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From Klement v. Kofsman, decided March 30 by the Florida Court of Appeal (Chief Judge Mark Klingensmith, joined by Judges Martha Warner and Spencer Levine); note that Kofsman was the plaintiff here, and Klement was the defendant:
The parties were next door neighbors whose daughters attended the same daycare center and became friends. [Kofsman] alleged that acrimony developed between the two families due to some religiously bigoted [anti-Semitic] statements, leading Klement to refuse permission for her daughter to play with A.K. Klement purportedly told A.K. on at least five occasions that "my daughter doesn't want to play with you," causing the child to cry. This led to a text message exchange between Klement and [Kofsman]'s wife with the latter asking Klement to "please stop harassing my child, husband and me," and Klement in return calling her a "horrible person."
In another alleged incident, A.K. was having an outside playdate with another child in the neighborhood when Klement approached and instructed her daughter to give a gift to the other child. When A.K. attempted to say hello to Klement's daughter, Klement allegedly began screaming, "Stop approaching my children," and "I'll call the police if you say hi to my child."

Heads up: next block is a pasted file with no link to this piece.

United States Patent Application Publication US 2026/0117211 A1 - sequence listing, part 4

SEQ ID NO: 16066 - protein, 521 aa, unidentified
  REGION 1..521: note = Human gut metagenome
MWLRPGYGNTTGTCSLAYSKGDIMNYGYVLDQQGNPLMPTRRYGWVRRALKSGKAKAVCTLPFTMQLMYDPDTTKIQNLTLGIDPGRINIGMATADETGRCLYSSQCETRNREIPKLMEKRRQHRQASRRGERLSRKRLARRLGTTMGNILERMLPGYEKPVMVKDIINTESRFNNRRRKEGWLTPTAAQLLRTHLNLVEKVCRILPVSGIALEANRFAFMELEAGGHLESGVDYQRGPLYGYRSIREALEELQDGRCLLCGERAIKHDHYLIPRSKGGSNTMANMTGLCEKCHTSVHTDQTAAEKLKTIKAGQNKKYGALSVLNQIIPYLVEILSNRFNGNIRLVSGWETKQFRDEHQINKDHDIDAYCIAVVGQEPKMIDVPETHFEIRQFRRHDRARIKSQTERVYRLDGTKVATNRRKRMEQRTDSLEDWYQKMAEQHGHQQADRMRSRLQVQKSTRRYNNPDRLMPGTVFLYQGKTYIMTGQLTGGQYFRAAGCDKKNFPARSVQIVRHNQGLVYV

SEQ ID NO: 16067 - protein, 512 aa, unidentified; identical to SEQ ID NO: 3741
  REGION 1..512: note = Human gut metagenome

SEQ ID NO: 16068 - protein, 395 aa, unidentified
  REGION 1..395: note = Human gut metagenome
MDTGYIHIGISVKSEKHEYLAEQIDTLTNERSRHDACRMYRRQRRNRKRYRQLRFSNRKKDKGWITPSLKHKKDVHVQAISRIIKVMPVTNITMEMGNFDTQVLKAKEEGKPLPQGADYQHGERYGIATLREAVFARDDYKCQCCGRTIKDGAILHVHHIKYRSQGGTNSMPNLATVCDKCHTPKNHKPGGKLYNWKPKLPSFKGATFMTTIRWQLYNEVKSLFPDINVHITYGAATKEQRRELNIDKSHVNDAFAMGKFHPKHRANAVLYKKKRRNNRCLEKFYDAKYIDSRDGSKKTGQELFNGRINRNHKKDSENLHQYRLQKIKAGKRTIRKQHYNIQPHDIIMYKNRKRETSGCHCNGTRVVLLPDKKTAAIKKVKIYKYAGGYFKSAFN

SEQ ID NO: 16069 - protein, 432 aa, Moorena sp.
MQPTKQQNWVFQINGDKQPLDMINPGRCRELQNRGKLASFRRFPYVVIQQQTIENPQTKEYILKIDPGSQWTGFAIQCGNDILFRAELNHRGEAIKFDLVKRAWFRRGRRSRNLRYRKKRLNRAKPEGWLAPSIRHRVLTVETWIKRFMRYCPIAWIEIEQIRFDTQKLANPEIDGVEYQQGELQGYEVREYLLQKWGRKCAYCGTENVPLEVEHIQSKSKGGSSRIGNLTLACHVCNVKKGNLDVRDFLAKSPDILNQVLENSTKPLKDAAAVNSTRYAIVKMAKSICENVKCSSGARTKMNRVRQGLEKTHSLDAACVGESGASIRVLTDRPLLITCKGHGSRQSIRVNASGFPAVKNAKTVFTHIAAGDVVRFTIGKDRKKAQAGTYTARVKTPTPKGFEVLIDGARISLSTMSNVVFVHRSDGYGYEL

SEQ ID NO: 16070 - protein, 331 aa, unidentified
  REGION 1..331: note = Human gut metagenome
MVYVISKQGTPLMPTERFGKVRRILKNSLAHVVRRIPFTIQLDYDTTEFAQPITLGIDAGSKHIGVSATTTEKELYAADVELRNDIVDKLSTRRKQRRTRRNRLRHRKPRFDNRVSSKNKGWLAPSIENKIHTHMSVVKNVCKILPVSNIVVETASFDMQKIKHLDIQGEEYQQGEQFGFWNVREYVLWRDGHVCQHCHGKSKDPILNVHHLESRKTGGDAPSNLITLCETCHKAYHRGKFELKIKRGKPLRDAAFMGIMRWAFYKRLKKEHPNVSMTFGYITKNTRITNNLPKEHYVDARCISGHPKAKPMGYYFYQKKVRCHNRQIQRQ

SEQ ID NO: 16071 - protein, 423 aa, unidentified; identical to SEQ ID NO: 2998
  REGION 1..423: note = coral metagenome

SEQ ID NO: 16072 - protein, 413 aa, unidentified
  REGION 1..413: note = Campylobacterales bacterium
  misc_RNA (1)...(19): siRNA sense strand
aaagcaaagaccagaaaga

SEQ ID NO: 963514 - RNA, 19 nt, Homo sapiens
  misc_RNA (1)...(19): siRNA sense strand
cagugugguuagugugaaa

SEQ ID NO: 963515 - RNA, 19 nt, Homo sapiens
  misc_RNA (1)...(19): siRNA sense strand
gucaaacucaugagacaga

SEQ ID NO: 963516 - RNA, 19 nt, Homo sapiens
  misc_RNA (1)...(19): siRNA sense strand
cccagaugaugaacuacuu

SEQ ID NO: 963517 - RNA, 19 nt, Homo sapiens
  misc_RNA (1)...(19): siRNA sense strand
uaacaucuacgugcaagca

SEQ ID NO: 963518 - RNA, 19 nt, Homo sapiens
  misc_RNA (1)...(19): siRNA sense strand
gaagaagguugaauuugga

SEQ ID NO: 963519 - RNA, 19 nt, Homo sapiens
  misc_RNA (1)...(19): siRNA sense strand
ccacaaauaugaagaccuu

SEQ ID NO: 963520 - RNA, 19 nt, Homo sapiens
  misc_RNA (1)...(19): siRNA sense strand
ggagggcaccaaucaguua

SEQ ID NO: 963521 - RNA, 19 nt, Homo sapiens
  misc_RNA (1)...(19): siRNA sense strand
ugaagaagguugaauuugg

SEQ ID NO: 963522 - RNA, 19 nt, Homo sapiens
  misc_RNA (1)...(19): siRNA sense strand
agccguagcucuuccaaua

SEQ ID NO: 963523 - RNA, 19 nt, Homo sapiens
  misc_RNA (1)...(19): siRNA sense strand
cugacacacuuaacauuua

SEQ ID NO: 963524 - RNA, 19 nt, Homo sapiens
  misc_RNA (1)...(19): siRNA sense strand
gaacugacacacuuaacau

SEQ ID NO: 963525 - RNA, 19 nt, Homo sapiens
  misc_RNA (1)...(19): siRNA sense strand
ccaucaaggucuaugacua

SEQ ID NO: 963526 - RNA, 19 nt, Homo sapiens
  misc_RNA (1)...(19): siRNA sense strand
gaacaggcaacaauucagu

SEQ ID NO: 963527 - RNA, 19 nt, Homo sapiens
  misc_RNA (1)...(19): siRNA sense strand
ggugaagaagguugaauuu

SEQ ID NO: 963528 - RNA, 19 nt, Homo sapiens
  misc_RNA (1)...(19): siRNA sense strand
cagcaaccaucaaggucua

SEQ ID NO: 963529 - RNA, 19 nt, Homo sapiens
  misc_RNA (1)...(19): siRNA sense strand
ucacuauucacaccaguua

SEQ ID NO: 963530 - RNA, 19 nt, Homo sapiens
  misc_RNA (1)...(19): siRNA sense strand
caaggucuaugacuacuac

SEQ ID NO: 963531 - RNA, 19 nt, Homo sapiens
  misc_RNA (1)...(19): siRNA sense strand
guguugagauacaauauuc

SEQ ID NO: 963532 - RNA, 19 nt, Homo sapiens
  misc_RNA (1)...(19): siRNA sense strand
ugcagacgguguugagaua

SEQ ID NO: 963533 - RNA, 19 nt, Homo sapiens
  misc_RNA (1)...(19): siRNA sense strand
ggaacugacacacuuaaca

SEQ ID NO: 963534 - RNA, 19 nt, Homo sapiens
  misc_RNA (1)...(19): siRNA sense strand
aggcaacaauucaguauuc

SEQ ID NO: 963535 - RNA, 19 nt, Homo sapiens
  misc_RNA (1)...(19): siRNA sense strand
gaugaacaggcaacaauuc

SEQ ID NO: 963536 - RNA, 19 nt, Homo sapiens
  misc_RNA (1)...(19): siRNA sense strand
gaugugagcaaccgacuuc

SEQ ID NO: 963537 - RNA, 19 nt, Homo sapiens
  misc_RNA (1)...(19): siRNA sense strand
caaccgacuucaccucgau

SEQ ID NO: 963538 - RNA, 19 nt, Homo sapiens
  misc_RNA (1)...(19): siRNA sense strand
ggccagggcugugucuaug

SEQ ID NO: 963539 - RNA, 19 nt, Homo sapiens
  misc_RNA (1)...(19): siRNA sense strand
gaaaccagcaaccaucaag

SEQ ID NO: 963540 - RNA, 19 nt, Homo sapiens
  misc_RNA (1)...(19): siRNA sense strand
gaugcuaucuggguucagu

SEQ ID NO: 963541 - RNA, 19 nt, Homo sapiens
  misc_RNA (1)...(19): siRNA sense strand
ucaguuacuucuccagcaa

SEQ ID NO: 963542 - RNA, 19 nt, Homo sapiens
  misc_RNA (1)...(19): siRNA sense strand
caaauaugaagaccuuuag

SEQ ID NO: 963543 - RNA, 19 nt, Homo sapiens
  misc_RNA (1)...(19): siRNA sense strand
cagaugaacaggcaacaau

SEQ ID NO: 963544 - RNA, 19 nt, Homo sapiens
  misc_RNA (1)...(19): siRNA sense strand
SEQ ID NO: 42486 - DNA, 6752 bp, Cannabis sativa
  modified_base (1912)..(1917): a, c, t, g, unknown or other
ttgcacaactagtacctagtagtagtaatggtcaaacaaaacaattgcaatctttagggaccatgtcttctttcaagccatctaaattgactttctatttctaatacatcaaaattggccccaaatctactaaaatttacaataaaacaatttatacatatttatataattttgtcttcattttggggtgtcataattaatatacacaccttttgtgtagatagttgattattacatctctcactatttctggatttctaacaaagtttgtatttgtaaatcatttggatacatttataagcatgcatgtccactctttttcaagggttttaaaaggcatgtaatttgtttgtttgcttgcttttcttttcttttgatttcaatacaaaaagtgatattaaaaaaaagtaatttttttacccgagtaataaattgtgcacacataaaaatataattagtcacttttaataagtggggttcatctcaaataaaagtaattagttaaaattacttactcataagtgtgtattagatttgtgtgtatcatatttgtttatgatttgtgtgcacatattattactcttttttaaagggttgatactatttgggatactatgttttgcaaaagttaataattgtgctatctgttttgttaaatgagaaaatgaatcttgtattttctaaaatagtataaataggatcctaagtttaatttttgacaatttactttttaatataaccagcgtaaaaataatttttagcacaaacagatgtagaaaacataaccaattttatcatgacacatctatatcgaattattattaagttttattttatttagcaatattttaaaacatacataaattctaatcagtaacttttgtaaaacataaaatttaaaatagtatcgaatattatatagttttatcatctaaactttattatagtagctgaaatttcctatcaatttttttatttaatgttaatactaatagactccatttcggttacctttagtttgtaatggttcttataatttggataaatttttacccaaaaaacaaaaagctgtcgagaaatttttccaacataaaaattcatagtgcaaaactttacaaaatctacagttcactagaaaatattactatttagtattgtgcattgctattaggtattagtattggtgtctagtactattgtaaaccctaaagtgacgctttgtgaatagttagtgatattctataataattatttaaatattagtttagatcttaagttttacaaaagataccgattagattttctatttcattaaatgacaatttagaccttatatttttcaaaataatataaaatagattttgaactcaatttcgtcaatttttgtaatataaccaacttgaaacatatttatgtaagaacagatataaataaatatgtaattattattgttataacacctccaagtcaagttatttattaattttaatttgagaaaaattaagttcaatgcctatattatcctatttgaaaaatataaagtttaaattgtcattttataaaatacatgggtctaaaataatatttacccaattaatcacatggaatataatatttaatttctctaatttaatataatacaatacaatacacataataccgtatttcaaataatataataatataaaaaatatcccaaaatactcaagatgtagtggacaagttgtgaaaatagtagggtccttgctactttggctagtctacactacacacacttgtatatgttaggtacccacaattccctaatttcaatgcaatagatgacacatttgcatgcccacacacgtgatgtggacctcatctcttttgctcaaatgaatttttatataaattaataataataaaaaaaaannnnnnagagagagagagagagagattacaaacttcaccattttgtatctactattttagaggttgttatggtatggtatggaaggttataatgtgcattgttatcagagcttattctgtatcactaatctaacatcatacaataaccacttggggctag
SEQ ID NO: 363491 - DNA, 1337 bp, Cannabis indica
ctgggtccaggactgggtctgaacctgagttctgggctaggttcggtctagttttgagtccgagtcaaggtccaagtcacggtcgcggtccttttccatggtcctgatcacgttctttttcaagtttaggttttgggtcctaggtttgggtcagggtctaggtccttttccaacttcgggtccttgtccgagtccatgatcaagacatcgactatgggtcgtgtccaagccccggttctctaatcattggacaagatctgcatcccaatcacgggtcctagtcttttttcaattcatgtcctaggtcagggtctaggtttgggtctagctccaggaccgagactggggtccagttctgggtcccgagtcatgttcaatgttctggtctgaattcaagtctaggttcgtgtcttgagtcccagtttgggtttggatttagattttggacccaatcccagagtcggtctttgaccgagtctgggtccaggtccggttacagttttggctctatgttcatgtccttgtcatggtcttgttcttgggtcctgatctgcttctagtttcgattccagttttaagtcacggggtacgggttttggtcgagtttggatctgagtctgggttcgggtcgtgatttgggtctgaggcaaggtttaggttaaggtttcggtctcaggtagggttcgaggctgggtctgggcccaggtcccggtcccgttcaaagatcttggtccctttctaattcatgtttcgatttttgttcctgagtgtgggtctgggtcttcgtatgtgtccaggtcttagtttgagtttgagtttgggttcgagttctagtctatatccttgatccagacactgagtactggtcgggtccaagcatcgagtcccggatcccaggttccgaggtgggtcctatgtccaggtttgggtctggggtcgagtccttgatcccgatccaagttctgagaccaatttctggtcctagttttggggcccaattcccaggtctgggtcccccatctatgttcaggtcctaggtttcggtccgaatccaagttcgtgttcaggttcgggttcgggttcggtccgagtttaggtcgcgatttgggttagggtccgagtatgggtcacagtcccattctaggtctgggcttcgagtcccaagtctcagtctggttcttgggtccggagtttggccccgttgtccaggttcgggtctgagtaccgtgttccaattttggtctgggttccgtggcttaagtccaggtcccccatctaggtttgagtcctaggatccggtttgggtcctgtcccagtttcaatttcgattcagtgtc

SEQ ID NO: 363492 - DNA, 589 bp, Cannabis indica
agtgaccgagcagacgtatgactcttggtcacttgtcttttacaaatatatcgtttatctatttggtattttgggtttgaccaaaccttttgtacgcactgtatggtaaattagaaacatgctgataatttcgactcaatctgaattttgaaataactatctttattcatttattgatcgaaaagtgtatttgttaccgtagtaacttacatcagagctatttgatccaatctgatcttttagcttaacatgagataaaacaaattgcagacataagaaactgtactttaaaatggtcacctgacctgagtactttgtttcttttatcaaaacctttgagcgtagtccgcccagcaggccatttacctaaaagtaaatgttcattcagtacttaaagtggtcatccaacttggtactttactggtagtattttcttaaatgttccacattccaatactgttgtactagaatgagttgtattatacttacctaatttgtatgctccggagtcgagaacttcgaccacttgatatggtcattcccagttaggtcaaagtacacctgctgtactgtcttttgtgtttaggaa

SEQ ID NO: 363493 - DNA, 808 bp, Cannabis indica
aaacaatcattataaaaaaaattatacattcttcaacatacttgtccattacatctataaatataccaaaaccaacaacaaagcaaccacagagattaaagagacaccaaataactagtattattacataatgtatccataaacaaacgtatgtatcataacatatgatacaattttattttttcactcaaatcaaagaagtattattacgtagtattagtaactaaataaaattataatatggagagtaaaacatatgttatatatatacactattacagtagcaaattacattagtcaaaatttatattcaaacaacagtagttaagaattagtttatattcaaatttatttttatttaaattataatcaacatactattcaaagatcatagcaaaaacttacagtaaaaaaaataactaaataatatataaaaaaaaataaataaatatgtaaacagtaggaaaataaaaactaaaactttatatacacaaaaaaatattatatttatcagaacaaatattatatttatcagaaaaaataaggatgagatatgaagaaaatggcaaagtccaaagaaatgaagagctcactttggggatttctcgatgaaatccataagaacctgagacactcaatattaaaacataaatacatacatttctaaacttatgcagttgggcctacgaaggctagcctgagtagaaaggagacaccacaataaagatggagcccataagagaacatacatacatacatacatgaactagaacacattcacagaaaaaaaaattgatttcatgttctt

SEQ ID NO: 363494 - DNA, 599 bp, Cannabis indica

During other episodes in this simmering conflict, [Kofsman]'s wife called the police a few times to report Klement. On one occasion, she called the police non-emergency line because Klement had placed a "please honk your horn for a birthday" sign in front of their homes. After eight hours of hearing horns honking about every fifteen minutes, [Kofsman]'s wife contacted the police, who sent an officer to the Klement home for a report about a disturbance to the neighborhood.
Another event involved [Kofsman]'s decision to hang a swing on a tree behind their house for A.K. Three days after hanging the swing, [Kofsman] found it had been removed. The neighborhood's homeowner's association informed [Kofsman] that it removed the swing because Klement had notified it that the swing was on her property. Eventually, [Kofsman] and his family rented out their townhouse and moved to a different location.